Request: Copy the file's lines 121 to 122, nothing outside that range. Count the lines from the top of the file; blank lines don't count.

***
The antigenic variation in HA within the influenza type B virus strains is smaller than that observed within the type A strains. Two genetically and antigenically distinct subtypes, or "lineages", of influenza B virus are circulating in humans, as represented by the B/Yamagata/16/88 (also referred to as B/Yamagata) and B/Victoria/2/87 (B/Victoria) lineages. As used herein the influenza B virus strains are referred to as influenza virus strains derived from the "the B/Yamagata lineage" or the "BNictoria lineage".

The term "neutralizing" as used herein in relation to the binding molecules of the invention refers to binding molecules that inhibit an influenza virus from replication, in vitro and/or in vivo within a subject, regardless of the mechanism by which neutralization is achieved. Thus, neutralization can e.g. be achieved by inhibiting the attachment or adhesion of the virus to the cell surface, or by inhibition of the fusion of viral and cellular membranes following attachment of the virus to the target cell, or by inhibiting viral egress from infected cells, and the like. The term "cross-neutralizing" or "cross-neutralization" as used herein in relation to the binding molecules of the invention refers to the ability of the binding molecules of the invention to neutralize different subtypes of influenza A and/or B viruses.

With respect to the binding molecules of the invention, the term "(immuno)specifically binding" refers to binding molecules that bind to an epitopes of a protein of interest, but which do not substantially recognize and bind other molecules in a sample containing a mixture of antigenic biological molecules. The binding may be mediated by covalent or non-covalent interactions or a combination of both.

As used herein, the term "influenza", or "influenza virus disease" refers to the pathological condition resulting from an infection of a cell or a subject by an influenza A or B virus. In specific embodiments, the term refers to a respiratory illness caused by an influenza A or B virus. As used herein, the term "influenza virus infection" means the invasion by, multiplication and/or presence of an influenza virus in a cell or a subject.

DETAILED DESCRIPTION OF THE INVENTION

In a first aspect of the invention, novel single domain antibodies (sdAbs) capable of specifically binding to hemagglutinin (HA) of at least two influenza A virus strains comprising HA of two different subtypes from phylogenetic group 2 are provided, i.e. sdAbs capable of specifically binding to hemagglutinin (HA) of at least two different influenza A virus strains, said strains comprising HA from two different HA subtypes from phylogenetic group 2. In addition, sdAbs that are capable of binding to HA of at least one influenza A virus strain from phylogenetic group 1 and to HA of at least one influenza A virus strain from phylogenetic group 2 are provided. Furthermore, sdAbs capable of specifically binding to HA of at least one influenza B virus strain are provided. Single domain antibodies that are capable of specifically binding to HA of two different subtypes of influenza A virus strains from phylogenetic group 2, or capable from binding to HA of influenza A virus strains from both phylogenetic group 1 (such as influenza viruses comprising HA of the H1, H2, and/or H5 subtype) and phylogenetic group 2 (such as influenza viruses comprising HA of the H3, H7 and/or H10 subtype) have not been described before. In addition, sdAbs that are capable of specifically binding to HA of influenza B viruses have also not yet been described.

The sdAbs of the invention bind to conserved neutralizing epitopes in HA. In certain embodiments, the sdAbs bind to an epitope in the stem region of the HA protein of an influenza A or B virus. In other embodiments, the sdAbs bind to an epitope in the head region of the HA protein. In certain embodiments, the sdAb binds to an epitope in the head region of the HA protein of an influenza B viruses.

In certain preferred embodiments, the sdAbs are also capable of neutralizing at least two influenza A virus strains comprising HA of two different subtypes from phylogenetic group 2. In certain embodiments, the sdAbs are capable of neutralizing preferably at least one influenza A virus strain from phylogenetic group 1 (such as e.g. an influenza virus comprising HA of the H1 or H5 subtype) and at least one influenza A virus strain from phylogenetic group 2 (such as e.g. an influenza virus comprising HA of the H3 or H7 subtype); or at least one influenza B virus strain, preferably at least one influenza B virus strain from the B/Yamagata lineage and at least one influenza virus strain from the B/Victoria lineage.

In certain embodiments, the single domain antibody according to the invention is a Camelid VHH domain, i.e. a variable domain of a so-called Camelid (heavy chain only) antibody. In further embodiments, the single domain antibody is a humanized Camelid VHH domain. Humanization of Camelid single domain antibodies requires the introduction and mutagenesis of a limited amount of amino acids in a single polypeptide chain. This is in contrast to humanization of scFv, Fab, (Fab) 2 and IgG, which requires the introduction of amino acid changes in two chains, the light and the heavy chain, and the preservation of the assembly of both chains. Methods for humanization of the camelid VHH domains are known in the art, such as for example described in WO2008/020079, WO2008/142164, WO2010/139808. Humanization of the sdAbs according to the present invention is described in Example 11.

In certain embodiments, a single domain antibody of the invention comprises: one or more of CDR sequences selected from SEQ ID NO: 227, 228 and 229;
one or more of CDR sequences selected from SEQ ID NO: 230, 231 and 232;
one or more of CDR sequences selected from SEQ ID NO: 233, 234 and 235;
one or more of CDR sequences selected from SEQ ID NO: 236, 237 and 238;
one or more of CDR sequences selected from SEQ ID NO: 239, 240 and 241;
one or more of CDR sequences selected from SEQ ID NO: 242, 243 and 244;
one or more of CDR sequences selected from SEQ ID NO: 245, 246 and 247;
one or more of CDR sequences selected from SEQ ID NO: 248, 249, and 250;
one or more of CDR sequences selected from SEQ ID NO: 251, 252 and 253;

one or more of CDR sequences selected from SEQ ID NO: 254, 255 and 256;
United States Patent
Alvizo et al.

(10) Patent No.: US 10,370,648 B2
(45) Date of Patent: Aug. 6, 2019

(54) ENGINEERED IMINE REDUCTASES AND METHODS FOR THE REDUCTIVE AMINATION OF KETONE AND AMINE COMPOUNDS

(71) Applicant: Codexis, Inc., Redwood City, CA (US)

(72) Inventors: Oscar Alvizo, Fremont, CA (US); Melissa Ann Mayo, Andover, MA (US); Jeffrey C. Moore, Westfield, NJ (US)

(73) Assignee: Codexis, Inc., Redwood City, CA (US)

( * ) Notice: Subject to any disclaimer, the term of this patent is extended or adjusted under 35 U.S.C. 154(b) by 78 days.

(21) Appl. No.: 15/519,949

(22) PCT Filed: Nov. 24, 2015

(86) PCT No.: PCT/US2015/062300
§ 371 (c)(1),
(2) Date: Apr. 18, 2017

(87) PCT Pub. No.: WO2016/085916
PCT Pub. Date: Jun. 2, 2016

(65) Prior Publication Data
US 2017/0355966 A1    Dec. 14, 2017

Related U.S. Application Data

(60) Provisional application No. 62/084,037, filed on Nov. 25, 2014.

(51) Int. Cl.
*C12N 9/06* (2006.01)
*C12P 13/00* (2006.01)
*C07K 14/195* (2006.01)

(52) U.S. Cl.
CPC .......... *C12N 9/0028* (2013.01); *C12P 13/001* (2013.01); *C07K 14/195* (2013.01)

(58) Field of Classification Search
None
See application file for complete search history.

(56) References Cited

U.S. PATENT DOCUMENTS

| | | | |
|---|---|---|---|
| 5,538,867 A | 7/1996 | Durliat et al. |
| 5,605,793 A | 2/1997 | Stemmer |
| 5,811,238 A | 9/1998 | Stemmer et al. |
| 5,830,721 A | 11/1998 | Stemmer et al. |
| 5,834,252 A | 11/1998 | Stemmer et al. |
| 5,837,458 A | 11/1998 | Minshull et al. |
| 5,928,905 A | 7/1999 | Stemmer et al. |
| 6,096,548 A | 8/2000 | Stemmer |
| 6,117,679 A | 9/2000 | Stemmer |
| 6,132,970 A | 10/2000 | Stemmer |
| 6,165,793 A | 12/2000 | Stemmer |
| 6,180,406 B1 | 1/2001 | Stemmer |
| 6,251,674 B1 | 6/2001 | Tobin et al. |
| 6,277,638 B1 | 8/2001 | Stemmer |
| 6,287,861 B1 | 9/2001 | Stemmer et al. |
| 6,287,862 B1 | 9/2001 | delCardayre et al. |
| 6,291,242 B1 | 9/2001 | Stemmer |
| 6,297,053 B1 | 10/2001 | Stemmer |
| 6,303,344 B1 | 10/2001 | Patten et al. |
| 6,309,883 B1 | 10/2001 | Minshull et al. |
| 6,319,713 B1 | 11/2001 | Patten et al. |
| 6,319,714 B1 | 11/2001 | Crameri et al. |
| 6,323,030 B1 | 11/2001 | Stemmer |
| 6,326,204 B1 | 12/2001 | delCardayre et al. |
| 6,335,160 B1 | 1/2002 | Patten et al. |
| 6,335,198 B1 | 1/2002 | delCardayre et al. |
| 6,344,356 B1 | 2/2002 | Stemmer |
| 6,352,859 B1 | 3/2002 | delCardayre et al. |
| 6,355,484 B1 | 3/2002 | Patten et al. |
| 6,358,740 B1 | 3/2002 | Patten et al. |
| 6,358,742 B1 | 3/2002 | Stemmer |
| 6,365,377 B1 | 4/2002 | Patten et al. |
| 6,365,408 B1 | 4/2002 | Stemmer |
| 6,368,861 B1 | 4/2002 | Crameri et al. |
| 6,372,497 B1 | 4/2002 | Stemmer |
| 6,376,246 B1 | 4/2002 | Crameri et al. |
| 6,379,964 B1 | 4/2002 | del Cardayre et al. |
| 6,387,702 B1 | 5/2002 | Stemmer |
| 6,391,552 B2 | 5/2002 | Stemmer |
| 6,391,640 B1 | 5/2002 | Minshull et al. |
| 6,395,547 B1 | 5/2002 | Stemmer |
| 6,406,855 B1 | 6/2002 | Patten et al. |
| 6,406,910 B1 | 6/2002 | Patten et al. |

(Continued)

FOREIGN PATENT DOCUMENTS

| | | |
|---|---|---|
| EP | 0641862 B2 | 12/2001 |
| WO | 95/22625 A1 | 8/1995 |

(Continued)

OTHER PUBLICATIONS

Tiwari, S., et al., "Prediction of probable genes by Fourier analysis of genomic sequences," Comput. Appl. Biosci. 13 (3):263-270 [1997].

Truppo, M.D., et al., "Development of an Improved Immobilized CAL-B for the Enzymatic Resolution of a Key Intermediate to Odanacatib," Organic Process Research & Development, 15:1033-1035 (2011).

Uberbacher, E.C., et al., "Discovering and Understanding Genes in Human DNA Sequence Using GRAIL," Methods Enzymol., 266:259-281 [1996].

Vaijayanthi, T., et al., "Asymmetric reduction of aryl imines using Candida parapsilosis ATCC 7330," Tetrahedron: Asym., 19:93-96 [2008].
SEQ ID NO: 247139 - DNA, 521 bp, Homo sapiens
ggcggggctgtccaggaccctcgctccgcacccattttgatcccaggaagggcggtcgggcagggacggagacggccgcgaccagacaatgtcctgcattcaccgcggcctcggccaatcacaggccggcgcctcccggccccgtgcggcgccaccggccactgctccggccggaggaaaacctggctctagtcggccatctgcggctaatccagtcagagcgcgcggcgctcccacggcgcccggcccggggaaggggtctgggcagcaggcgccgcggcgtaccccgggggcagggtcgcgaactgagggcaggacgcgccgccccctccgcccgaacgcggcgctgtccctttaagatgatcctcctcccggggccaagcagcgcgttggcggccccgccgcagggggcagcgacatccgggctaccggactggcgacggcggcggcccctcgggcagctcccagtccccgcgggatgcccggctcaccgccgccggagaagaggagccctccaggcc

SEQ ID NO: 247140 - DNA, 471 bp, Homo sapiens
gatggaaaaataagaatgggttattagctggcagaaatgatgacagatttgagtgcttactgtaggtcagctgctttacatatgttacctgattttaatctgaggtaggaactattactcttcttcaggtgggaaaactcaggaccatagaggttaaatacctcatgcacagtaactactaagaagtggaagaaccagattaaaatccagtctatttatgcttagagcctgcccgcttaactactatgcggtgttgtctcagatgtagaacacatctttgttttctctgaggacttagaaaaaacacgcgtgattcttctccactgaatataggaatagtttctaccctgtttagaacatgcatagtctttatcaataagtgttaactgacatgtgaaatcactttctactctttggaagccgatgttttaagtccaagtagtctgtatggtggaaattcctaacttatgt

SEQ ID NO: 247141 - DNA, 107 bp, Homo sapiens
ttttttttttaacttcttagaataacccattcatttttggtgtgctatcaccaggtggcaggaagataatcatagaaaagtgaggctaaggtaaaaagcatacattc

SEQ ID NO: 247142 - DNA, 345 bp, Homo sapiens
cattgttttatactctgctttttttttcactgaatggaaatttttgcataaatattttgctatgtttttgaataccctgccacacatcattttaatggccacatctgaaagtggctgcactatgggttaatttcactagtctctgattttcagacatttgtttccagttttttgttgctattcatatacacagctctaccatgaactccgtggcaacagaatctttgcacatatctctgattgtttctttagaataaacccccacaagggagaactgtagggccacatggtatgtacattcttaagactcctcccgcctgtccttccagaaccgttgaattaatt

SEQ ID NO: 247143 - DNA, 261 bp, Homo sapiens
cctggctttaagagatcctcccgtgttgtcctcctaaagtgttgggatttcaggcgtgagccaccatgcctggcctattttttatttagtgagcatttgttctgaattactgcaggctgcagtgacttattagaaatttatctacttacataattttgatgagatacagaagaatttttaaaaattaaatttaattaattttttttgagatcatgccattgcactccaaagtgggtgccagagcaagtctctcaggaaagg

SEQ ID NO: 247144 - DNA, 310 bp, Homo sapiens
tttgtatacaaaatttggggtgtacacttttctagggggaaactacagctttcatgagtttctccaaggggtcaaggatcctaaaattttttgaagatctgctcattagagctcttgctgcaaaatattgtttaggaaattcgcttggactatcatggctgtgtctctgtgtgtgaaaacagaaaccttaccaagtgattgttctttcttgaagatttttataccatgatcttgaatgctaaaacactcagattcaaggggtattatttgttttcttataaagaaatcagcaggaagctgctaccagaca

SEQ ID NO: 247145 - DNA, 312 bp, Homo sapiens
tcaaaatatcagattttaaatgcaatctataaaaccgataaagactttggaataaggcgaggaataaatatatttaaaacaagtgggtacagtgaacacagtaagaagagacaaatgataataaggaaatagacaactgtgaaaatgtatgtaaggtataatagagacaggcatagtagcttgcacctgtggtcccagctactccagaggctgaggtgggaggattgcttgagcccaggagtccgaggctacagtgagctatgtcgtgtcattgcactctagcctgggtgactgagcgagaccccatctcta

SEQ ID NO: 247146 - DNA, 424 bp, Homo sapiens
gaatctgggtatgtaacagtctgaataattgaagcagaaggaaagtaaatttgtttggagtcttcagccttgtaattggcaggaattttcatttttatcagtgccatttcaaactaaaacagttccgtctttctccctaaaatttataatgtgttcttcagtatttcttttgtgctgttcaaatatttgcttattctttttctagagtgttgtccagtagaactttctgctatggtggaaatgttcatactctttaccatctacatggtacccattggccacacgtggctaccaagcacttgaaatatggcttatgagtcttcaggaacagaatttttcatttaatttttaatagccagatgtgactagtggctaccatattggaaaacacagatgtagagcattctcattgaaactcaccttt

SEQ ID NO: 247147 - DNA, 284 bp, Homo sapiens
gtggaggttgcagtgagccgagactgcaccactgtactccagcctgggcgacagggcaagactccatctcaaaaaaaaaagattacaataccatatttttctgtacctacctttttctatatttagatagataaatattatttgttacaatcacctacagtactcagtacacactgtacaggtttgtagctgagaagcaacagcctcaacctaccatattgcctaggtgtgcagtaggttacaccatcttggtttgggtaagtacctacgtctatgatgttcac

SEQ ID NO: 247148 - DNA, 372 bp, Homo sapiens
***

tcaaaatatcagattttaaatgcaatctataaaaccgataaagactttggaataaggcgaggaataaatatatttaaaacaagtgggtacagtgaacacagtaagaagagacaaatgataataaggaaatagacaactgtgaaaatgtatgtaaggtataatagagacaggcatagtagcttgcacctgtggtcccagctactccagaggctgaggtgggaggattgcttgagcccaggagtccgaggctacagtgagctatgtcgtgtcattgcactctagcctgggtgactgagcgagaccccatctcta

SEQ ID NO: 247146 - DNA, 424 bp, Homo sapiens